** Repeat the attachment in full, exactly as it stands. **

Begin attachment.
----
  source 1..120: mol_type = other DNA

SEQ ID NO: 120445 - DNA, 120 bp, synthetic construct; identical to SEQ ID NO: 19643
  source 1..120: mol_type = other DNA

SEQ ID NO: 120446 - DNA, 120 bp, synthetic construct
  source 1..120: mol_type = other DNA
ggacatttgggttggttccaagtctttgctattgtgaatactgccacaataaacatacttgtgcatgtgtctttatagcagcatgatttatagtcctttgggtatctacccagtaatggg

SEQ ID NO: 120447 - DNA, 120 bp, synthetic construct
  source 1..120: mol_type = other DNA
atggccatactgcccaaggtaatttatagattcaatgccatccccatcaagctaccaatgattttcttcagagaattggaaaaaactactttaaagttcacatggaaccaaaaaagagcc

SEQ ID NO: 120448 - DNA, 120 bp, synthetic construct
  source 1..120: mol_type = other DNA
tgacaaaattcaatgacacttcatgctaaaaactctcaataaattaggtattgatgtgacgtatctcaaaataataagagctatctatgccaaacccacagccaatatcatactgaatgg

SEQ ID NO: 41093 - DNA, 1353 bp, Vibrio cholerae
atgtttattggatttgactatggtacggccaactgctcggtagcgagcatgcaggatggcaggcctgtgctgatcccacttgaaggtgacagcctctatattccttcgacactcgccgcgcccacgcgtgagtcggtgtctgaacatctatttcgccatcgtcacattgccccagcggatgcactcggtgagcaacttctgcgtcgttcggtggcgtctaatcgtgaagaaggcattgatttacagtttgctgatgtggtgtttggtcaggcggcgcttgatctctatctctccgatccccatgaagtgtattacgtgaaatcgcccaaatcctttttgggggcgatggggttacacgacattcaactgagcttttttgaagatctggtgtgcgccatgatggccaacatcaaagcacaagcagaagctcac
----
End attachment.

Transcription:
  source 1..120: mol_type = other DNA

SEQ ID NO: 120445 - DNA, 120 bp, synthetic construct; identical to SEQ ID NO: 19643
  source 1..120: mol_type = other DNA

SEQ ID NO: 120446 - DNA, 120 bp, synthetic construct
  source 1..120: mol_type = other DNA
ggacatttgggttggttccaagtctttgctattgtgaatactgccacaataaacatacttgtgcatgtgtctttatagcagcatgatttatagtcctttgggtatctacccagtaatggg

SEQ ID NO: 120447 - DNA, 120 bp, synthetic construct
  source 1..120: mol_type = other DNA
atggccatactgcccaaggtaatttatagattcaatgccatccccatcaagctaccaatgattttcttcagagaattggaaaaaactactttaaagttcacatggaaccaaaaaagagcc

SEQ ID NO: 120448 - DNA, 120 bp, synthetic construct
  source 1..120: mol_type = other DNA
tgacaaaattcaatgacacttcatgctaaaaactctcaataaattaggtattgatgtgacgtatctcaaaataataagagctatctatgccaaacccacagccaatatcatactgaatgg

SEQ ID NO: 41093 - DNA, 1353 bp, Vibrio cholerae
atgtttattggatttgactatggtacggccaactgctcggtagcgagcatgcaggatggcaggcctgtgctgatcccacttgaaggtgacagcctctatattccttcgacactcgccgcgcccacgcgtgagtcggtgtctgaacatctatttcgccatcgtcacattgccccagcggatgcactcggtgagcaacttctgcgtcgttcggtggcgtctaatcgtgaagaaggcattgatttacagtttgctgatgtggtgtttggtcaggcggcgcttgatctctatctctccgatccccatgaagtgtattacgtgaaatcgcccaaatcctttttgggggcgatggggttacacgacattcaactgagcttttttgaagatctggtgtgcgccatgatggccaacatcaaagcacaagcagaagctcac